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Do I need all the Midi bells and whistles?


Old Geezer

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I'm a "senor" piano student at a local CC. I have a Casio CTK-511 keyboard and I would like to up grade to an 88 key unit with graded piano key action. I have looked at the Casio CLP100, PX110, PX310, PX700R, and the Yamha YPG625. The PX310 and YPG625 have all of the extended sounds and an available midi interface. The PX700R sounded more like a real piano to me but it doesn't have the rhythms for auto accompishment. I use the rhythms occasionally on my CTK-511 to help with my timing (I hate a metronome). But I never use the midi interface to play midi files or to input music to my computer notation software(I do that by hand). For an intermediate player do I really need the midi? :confused: Also I wonder about interfacing the units to an external sound system - is this really feasible with the Casio units?
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Welcome to the forum!

 

First, everything comes with a midi connection so it's not like you have a choice to buy something with or without a midi connection.

 

You're really referring to 'bells and whistles' and not 'midi bells and whistles' per se.

 

If I were you I would shop for the features you want. (It's still nice to know that you can connect your keyboard to your computer in the future if you want to play around with other aspects of music making.)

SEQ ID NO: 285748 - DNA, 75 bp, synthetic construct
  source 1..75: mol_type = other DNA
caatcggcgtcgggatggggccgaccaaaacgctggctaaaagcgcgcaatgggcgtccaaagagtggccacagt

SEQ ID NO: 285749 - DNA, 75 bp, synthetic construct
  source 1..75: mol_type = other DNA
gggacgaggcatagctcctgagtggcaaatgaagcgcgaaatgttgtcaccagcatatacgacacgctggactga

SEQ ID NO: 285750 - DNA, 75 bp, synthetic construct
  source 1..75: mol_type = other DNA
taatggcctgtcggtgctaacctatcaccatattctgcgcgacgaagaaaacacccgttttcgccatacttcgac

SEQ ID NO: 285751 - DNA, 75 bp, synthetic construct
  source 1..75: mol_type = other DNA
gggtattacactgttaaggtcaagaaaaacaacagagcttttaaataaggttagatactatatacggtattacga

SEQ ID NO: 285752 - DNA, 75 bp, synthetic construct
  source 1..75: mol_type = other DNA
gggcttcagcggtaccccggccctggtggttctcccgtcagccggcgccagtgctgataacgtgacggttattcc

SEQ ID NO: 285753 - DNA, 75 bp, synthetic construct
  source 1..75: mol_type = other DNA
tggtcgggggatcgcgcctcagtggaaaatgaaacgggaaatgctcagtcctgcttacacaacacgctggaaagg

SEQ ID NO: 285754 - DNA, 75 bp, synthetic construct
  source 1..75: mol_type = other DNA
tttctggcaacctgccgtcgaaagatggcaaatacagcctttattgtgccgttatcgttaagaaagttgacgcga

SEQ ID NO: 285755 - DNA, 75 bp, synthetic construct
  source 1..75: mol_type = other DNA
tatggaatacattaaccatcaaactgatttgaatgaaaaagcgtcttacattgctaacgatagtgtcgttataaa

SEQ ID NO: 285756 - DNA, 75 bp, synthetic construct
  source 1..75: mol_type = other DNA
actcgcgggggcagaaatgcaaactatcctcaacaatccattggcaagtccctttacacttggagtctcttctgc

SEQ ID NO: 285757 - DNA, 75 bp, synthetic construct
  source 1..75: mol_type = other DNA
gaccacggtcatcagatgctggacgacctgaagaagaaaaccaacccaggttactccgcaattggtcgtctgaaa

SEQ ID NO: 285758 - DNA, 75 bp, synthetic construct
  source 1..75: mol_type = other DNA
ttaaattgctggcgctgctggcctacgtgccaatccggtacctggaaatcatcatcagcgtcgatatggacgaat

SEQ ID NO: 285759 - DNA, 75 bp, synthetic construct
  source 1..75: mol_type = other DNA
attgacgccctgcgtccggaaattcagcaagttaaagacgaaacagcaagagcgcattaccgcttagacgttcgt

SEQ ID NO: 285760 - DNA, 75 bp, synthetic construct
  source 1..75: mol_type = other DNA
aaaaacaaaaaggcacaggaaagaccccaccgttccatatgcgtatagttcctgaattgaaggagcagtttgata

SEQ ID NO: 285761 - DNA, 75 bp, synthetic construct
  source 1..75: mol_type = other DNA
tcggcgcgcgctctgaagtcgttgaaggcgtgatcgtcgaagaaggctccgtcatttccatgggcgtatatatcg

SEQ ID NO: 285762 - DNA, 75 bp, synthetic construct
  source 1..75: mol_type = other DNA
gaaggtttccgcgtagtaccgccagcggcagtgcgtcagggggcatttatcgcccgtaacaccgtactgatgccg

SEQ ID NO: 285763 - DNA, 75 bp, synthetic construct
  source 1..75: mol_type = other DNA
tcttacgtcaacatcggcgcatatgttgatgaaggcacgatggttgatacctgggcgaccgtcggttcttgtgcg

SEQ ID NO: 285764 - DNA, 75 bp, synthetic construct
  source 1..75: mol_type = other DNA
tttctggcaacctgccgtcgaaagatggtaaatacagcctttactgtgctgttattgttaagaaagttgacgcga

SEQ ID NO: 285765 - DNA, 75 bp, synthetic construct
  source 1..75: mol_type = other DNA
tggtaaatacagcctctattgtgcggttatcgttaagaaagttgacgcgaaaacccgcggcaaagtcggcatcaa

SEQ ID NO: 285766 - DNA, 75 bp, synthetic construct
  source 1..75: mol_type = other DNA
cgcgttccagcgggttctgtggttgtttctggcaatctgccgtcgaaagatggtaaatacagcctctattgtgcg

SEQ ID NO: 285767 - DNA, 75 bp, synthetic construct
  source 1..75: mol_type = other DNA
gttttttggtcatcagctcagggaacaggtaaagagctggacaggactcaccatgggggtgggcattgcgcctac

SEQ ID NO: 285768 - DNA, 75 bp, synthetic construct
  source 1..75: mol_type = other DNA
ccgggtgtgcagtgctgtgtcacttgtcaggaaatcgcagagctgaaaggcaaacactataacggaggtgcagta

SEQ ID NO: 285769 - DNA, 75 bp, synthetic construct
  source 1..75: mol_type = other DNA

Just about everything you buy will have an audio out. The pro units will have an XLR or 1/4" outputs to feed into an amp or mixer; the units sold for home use might more likely use mini type plugs (or RCA).

No guitarists were harmed during the making of this message.

 

In general, harmonic complexity is inversely proportional to the ratio between chording and non-chording instruments.

 

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Originally posted by Dave Horne:

Welcome to the forum!

 

First, everything comes with a midi connection so it's not like you have a choice to buy something with or without a midi connection.

 

You're really referring to 'bells and whistles' and not 'midi bells and whistles' per se.

 

If I were you I would shop for the features you want. (It's still nice to know that you can connect your keyboard to your computer in the future if you want to play around with other aspects of music making.)

 

Just about everything you buy will have an audio out. The pro units will have an XLR or 1/4" outputs to feed into an amp or mixer; the units sold for home use might more likely use mini type plugs (or RCA).

Good advice from Dave as always. I would also suggest to consider the following. Of you are only going to play and never go beyond where your at (in terms of features) then buy only the features you need.

 

On the Flip side it sounds to me the more you've learned, you've started to dive into the technology side. Alot of these features are coll and may serve a helpful purpose down the road.

 

That being said I think its important to buy what feels and sounds best to you. I would also recommend to play as many thngs as possible and often as you can. That way your making an informed decision. Lastly be aware of sales people who will try and push something on you. They have merchandise they need to clear out.

Begin the day with a friendly voice A companion, unobtrusive

- Rush

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